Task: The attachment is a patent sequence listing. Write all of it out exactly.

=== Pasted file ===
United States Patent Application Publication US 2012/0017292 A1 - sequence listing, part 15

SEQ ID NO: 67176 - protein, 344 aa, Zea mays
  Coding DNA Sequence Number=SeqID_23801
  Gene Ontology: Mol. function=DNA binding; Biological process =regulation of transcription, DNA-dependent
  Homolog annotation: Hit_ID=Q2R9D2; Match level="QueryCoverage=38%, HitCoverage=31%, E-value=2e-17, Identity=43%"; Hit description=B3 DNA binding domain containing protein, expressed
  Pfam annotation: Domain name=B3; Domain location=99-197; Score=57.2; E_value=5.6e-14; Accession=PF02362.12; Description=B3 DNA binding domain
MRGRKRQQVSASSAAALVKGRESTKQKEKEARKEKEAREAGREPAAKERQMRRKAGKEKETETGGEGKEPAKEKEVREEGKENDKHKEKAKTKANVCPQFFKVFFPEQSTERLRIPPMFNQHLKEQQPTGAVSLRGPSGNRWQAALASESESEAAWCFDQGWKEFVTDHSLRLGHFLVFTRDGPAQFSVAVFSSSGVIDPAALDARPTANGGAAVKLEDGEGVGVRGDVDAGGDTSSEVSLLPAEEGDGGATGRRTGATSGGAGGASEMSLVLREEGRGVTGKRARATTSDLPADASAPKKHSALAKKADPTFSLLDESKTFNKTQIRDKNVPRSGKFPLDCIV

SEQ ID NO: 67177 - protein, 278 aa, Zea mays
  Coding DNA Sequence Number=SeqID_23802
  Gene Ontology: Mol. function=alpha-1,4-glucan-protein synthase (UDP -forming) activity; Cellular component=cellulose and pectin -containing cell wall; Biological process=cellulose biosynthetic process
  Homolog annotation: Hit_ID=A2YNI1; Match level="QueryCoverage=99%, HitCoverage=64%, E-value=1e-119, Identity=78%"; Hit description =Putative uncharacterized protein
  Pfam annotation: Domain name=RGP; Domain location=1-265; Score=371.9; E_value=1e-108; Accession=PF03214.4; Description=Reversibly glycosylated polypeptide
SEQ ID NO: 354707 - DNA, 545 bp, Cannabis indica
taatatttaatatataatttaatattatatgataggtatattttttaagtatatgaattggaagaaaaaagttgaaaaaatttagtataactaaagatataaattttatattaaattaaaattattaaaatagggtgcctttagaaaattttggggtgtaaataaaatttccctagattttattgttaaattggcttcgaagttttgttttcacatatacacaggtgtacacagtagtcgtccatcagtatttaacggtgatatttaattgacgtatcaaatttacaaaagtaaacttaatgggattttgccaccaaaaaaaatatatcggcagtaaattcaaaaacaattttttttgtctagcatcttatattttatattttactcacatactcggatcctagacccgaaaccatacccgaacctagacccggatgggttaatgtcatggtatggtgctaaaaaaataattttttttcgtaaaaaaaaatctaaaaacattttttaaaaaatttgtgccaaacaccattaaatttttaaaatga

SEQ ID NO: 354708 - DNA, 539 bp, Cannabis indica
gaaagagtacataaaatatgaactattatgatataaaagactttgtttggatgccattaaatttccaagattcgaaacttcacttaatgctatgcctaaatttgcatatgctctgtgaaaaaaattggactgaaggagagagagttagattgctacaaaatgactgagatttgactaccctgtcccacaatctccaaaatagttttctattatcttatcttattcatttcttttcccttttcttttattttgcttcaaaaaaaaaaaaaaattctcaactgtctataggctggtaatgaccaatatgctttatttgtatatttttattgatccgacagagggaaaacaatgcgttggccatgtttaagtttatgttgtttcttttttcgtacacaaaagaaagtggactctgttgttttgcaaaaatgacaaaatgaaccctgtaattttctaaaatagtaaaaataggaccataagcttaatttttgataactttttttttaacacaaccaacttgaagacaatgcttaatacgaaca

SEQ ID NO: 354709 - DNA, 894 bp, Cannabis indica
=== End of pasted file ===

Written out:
United States Patent Application Publication US 2012/0017292 A1 - sequence listing, part 15

SEQ ID NO: 67176 - protein, 344 aa, Zea mays
  Coding DNA Sequence Number=SeqID_23801
  Gene Ontology: Mol. function=DNA binding; Biological process =regulation of transcription, DNA-dependent
  Homolog annotation: Hit_ID=Q2R9D2; Match level="QueryCoverage=38%, HitCoverage=31%, E-value=2e-17, Identity=43%"; Hit description=B3 DNA binding domain containing protein, expressed
  Pfam annotation: Domain name=B3; Domain location=99-197; Score=57.2; E_value=5.6e-14; Accession=PF02362.12; Description=B3 DNA binding domain
MRGRKRQQVSASSAAALVKGRESTKQKEKEARKEKEAREAGREPAAKERQMRRKAGKEKETETGGEGKEPAKEKEVREEGKENDKHKEKAKTKANVCPQFFKVFFPEQSTERLRIPPMFNQHLKEQQPTGAVSLRGPSGNRWQAALASESESEAAWCFDQGWKEFVTDHSLRLGHFLVFTRDGPAQFSVAVFSSSGVIDPAALDARPTANGGAAVKLEDGEGVGVRGDVDAGGDTSSEVSLLPAEEGDGGATGRRTGATSGGAGGASEMSLVLREEGRGVTGKRARATTSDLPADASAPKKHSALAKKADPTFSLLDESKTFNKTQIRDKNVPRSGKFPLDCIV

SEQ ID NO: 67177 - protein, 278 aa, Zea mays
  Coding DNA Sequence Number=SeqID_23802
  Gene Ontology: Mol. function=alpha-1,4-glucan-protein synthase (UDP -forming) activity; Cellular component=cellulose and pectin -containing cell wall; Biological process=cellulose biosynthetic process
  Homolog annotation: Hit_ID=A2YNI1; Match level="QueryCoverage=99%, HitCoverage=64%, E-value=1e-119, Identity=78%"; Hit description =Putative uncharacterized protein
  Pfam annotation: Domain name=RGP; Domain location=1-265; Score=371.9; E_value=1e-108; Accession=PF03214.4; Description=Reversibly glycosylated polypeptide
SEQ ID NO: 354707 - DNA, 545 bp, Cannabis indica
taatatttaatatataatttaatattatatgataggtatattttttaagtatatgaattggaagaaaaaagttgaaaaaatttagtataactaaagatataaattttatattaaattaaaattattaaaatagggtgcctttagaaaattttggggtgtaaataaaatttccctagattttattgttaaattggcttcgaagttttgttttcacatatacacaggtgtacacagtagtcgtccatcagtatttaacggtgatatttaattgacgtatcaaatttacaaaagtaaacttaatgggattttgccaccaaaaaaaatatatcggcagtaaattcaaaaacaattttttttgtctagcatcttatattttatattttactcacatactcggatcctagacccgaaaccatacccgaacctagacccggatgggttaatgtcatggtatggtgctaaaaaaataattttttttcgtaaaaaaaaatctaaaaacattttttaaaaaatttgtgccaaacaccattaaatttttaaaatga

SEQ ID NO: 354708 - DNA, 539 bp, Cannabis indica
gaaagagtacataaaatatgaactattatgatataaaagactttgtttggatgccattaaatttccaagattcgaaacttcacttaatgctatgcctaaatttgcatatgctctgtgaaaaaaattggactgaaggagagagagttagattgctacaaaatgactgagatttgactaccctgtcccacaatctccaaaatagttttctattatcttatcttattcatttcttttcccttttcttttattttgcttcaaaaaaaaaaaaaaattctcaactgtctataggctggtaatgaccaatatgctttatttgtatatttttattgatccgacagagggaaaacaatgcgttggccatgtttaagtttatgttgtttcttttttcgtacacaaaagaaagtggactctgttgttttgcaaaaatgacaaaatgaaccctgtaattttctaaaatagtaaaaataggaccataagcttaatttttgataactttttttttaacacaaccaacttgaagacaatgcttaatacgaaca

SEQ ID NO: 354709 - DNA, 894 bp, Cannabis indica